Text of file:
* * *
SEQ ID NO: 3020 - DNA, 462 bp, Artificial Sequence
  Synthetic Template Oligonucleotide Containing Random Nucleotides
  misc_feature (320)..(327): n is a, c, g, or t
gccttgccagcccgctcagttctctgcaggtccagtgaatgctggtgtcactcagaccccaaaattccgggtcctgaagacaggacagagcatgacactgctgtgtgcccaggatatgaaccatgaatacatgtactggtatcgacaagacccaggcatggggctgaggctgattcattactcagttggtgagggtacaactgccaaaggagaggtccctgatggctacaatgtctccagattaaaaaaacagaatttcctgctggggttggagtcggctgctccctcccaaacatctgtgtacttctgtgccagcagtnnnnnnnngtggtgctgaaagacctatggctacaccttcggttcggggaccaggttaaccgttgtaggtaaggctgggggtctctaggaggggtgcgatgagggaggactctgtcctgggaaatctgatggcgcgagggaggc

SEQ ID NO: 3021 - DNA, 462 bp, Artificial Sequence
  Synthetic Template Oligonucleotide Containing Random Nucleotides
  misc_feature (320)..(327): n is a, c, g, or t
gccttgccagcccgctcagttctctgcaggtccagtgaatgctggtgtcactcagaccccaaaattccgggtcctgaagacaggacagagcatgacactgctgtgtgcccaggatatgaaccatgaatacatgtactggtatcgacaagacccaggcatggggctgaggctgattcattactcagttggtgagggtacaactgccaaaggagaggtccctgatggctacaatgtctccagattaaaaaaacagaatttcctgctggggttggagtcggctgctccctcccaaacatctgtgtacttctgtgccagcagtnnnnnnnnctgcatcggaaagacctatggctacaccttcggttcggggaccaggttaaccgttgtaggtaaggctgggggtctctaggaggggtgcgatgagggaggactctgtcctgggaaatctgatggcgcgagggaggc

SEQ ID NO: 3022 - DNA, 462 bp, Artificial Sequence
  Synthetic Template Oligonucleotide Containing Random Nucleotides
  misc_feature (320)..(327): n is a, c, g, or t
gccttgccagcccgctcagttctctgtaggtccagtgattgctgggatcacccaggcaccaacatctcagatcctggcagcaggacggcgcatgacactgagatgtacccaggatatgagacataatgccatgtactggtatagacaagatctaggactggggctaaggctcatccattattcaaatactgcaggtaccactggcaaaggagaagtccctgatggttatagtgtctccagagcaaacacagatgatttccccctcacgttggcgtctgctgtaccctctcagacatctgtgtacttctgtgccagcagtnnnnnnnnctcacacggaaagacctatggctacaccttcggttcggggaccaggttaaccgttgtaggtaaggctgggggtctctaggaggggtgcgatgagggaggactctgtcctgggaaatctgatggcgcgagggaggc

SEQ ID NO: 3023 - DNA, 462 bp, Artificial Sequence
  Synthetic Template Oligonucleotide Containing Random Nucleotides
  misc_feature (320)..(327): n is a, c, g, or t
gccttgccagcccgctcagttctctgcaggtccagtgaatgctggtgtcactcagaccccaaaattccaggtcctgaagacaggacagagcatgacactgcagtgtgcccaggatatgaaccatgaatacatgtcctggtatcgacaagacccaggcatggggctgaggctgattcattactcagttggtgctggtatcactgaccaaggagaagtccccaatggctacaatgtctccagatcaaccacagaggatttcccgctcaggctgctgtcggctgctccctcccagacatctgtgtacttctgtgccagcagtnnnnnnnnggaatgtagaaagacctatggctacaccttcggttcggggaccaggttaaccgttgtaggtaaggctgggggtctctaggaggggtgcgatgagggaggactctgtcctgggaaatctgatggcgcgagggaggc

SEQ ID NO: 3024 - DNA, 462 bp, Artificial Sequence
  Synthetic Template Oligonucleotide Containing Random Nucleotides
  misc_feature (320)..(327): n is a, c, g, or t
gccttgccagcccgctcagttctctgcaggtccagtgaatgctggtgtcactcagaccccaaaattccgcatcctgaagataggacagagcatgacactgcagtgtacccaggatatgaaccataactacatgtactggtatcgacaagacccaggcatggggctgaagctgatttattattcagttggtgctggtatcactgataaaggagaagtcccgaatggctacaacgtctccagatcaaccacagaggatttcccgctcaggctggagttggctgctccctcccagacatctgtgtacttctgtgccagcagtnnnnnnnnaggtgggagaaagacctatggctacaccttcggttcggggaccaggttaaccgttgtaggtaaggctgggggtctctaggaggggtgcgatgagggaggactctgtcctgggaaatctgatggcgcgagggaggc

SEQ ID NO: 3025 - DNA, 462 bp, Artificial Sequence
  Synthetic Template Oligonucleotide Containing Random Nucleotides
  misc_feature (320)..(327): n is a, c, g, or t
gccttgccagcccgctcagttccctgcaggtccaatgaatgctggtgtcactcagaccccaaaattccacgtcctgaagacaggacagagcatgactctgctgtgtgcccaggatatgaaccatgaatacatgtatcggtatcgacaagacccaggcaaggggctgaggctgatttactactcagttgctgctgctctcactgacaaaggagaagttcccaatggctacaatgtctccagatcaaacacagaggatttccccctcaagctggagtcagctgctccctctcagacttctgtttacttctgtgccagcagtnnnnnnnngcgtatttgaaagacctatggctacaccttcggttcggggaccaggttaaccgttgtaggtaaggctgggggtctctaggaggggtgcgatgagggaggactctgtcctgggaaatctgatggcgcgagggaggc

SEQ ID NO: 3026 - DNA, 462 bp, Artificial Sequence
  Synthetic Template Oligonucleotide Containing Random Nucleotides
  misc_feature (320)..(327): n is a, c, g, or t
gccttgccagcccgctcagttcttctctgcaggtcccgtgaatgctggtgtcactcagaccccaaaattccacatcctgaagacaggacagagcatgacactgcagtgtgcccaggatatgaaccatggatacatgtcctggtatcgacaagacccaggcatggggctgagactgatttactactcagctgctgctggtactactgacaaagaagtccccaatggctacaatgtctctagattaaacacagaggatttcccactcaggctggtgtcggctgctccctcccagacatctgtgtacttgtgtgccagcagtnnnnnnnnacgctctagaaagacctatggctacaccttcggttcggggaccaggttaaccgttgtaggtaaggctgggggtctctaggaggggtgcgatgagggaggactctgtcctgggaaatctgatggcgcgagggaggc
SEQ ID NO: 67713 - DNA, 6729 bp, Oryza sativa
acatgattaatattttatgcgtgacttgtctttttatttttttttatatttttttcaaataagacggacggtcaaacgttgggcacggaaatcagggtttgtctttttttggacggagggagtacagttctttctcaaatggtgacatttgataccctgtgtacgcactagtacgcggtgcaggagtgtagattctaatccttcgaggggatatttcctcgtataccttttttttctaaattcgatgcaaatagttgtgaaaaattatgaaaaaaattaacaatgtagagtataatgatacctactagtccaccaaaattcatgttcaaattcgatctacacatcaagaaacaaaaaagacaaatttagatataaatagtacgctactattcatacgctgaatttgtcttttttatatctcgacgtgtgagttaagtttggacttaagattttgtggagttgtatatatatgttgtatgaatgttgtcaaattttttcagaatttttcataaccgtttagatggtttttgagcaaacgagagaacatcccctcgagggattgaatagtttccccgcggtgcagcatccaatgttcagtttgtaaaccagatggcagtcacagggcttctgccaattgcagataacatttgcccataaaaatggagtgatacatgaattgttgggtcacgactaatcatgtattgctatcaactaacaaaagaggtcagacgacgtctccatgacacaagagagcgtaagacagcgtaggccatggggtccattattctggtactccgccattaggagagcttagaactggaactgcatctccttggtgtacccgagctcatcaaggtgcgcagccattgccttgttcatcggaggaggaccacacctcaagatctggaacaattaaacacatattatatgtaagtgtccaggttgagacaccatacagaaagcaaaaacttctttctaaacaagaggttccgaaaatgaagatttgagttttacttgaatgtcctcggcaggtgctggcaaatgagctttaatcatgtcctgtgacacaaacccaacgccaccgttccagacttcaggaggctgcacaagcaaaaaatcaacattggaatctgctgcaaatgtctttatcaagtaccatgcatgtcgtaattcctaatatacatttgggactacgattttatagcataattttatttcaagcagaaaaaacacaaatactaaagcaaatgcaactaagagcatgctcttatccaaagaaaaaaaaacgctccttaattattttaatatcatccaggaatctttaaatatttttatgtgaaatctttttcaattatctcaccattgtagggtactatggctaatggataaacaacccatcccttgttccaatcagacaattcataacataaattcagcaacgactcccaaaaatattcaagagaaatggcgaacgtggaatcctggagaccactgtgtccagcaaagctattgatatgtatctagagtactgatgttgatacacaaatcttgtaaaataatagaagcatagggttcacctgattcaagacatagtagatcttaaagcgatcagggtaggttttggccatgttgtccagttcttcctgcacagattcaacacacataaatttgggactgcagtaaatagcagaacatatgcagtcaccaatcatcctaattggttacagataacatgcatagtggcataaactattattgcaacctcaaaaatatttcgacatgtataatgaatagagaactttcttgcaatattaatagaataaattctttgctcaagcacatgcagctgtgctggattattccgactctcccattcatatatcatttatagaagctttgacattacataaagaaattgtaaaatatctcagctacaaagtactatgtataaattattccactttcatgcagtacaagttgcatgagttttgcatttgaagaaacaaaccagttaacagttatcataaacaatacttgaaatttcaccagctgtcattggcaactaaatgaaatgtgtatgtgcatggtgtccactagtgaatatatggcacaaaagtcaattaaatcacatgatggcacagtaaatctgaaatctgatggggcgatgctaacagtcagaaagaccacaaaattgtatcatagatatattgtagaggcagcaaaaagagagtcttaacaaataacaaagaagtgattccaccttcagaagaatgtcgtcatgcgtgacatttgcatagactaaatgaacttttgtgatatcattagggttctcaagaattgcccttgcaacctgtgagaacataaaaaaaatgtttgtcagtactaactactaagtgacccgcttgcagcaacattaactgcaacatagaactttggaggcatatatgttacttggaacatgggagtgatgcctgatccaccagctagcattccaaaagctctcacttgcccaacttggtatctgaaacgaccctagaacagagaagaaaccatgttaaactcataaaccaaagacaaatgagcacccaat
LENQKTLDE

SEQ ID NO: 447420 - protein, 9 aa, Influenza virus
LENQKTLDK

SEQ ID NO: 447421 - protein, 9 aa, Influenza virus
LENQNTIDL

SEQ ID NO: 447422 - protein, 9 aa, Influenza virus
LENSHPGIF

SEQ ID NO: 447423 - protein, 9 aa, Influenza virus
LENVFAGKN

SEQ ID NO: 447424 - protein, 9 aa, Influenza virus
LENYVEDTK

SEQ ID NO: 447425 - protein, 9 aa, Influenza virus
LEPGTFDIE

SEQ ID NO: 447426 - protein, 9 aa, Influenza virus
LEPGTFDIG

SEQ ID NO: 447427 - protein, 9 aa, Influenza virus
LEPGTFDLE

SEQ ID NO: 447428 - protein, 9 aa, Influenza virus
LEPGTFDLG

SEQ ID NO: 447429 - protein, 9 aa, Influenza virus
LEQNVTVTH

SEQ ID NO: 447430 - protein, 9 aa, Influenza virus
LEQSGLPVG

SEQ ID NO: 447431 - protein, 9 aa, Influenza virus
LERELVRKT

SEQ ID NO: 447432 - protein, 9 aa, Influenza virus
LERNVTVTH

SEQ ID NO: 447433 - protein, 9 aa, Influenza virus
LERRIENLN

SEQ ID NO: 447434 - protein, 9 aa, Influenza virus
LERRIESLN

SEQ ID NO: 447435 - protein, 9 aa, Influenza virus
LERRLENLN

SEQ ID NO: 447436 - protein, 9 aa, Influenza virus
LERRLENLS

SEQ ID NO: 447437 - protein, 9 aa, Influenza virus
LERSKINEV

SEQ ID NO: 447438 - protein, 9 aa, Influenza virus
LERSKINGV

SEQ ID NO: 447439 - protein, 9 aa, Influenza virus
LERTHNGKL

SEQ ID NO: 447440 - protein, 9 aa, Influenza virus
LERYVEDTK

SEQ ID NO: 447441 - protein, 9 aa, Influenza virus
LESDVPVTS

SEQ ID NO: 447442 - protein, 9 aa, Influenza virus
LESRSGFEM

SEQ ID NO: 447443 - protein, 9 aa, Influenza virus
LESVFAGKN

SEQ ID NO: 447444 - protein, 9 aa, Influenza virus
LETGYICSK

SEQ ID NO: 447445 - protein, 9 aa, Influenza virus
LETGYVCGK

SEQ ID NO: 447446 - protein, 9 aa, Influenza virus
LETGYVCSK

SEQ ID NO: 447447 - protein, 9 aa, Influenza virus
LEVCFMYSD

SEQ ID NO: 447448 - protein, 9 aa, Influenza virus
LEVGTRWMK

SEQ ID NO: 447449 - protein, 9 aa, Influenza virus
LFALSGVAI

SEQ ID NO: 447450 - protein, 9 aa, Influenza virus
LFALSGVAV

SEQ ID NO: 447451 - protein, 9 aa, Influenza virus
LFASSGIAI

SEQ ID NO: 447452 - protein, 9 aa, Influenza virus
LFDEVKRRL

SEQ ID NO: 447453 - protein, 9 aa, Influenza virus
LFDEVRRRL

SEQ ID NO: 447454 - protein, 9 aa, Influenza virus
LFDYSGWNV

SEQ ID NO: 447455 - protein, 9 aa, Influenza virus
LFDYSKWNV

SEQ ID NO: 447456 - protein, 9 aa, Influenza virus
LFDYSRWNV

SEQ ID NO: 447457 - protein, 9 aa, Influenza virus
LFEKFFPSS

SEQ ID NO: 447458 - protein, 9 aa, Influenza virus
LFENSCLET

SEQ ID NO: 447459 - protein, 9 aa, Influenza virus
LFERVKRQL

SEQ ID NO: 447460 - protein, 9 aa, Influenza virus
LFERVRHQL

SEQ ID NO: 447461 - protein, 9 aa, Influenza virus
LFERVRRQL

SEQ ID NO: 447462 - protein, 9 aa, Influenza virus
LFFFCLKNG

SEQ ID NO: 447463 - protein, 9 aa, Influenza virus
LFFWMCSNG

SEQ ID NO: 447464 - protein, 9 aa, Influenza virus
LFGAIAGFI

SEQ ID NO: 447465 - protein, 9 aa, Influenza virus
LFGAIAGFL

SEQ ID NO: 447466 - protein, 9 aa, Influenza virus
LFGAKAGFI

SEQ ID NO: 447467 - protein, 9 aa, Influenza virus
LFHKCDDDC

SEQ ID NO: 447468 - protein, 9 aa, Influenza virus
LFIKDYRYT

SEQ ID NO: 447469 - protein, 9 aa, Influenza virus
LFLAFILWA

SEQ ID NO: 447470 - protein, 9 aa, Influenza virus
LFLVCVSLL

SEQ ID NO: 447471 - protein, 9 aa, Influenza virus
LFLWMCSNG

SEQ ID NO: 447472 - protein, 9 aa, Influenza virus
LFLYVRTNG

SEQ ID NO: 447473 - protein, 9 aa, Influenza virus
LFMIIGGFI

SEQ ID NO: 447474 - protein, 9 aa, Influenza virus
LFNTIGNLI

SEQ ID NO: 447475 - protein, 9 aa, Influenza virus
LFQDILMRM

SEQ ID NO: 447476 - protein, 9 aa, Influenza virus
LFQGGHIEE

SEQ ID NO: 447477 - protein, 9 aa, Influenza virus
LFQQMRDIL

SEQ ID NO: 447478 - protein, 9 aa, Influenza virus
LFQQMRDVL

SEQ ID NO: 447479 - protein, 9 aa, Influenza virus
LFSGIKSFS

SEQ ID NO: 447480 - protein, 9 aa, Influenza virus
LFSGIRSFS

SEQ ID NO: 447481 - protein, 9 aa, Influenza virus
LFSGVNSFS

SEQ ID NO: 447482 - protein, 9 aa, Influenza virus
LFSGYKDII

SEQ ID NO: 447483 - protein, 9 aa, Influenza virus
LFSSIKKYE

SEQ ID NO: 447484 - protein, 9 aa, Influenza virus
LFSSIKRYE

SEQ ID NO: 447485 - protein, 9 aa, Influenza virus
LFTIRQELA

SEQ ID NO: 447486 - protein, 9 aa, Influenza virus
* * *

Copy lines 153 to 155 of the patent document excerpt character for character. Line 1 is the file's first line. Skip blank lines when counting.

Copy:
LFSGIRSFS

SEQ ID NO: 447481 - protein, 9 aa, Influenza virus
LFSGVNSFS